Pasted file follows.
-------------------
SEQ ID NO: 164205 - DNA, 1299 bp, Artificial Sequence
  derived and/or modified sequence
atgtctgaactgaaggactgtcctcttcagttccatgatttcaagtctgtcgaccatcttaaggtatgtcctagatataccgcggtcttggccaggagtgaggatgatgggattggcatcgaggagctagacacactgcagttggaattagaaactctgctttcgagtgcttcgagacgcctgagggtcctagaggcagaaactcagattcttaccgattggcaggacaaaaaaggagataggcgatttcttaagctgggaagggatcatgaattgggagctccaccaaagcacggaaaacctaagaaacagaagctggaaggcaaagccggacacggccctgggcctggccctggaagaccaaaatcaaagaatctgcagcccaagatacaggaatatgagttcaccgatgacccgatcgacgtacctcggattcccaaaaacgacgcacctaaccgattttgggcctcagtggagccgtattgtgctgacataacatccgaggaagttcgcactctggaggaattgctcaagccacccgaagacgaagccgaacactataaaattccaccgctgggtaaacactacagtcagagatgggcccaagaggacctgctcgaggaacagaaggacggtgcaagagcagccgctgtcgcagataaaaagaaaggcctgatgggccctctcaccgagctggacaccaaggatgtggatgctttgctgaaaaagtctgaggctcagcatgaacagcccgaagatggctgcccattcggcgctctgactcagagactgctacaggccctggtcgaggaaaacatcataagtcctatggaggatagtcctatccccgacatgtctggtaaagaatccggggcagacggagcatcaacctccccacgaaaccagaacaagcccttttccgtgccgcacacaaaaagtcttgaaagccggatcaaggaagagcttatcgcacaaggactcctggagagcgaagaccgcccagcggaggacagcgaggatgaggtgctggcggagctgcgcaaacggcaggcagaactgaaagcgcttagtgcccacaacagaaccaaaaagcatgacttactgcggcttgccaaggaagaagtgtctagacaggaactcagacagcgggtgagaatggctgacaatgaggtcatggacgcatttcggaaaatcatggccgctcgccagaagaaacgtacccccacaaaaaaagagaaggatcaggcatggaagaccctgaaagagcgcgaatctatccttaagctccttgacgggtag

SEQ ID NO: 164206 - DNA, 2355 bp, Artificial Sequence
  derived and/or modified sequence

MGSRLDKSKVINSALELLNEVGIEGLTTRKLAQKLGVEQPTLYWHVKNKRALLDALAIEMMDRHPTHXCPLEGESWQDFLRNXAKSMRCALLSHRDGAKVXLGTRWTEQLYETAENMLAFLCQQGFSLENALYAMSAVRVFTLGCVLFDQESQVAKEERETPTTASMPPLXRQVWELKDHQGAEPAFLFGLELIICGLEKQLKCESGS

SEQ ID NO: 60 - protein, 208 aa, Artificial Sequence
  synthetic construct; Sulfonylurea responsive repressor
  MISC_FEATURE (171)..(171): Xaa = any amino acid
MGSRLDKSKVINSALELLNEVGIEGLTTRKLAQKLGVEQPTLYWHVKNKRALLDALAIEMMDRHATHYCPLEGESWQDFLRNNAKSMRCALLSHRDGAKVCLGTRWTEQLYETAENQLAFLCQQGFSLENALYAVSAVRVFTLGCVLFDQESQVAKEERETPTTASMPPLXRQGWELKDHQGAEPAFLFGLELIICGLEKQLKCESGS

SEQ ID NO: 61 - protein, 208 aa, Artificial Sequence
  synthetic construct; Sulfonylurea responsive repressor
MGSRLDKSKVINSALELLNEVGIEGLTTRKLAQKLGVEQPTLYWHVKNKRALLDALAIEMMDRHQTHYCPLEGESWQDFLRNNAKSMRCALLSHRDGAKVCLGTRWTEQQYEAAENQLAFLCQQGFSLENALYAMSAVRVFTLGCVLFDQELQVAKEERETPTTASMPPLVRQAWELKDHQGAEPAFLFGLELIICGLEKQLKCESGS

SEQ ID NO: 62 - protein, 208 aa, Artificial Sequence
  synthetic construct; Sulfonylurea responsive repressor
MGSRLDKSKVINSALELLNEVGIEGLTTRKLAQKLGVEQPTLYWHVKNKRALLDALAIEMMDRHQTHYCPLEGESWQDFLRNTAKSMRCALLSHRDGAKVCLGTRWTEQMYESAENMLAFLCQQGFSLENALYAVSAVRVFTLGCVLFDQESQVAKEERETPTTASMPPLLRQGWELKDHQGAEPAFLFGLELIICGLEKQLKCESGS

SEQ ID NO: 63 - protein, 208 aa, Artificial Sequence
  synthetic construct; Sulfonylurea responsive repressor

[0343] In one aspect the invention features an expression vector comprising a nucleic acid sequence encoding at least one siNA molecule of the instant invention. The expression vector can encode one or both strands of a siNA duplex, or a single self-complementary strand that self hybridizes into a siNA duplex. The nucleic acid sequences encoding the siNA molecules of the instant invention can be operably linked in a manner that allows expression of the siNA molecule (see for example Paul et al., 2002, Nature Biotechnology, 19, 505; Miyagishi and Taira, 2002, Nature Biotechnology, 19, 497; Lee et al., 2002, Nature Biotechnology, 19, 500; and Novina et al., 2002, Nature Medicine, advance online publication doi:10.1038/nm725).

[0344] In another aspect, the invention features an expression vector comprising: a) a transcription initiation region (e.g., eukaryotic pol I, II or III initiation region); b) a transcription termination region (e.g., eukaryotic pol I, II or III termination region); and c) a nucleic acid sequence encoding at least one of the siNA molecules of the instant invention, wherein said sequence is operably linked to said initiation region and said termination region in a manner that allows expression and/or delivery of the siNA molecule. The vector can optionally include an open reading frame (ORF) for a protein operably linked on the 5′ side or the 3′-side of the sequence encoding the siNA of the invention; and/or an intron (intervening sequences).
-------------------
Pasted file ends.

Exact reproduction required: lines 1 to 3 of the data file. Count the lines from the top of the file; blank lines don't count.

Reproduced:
SEQ ID NO: 164205 - DNA, 1299 bp, Artificial Sequence
  derived and/or modified sequence
atgtctgaactgaaggactgtcctcttcagttccatgatttcaagtctgtcgaccatcttaaggtatgtcctagatataccgcggtcttggccaggagtgaggatgatgggattggcatcgaggagctagacacactgcagttggaattagaaactctgctttcgagtgcttcgagacgcctgagggtcctagaggcagaaactcagattcttaccgattggcaggacaaaaaaggagataggcgatttcttaagctgggaagggatcatgaattgggagctccaccaaagcacggaaaacctaagaaacagaagctggaaggcaaagccggacacggccctgggcctggccctggaagaccaaaatcaaagaatctgcagcccaagatacaggaatatgagttcaccgatgacccgatcgacgtacctcggattcccaaaaacgacgcacctaaccgattttgggcctcagtggagccgtattgtgctgacataacatccgaggaagttcgcactctggaggaattgctcaagccacccgaagacgaagccgaacactataaaattccaccgctgggtaaacactacagtcagagatgggcccaagaggacctgctcgaggaacagaaggacggtgcaagagcagccgctgtcgcagataaaaagaaaggcctgatgggccctctcaccgagctggacaccaaggatgtggatgctttgctgaaaaagtctgaggctcagcatgaacagcccgaagatggctgcccattcggcgctctgactcagagactgctacaggccctggtcgaggaaaacatcataagtcctatggaggatagtcctatccccgacatgtctggtaaagaatccggggcagacggagcatcaacctccccacgaaaccagaacaagcccttttccgtgccgcacacaaaaagtcttgaaagccggatcaaggaagagcttatcgcacaaggactcctggagagcgaagaccgcccagcggaggacagcgaggatgaggtgctggcggagctgcgcaaacggcaggcagaactgaaagcgcttagtgcccacaacagaaccaaaaagcatgacttactgcggcttgccaaggaagaagtgtctagacaggaactcagacagcgggtgagaatggctgacaatgaggtcatggacgcatttcggaaaatcatggccgctcgccagaagaaacgtacccccacaaaaaaagagaaggatcaggcatggaagaccctgaaagagcgcgaatctatccttaagctccttgacgggtag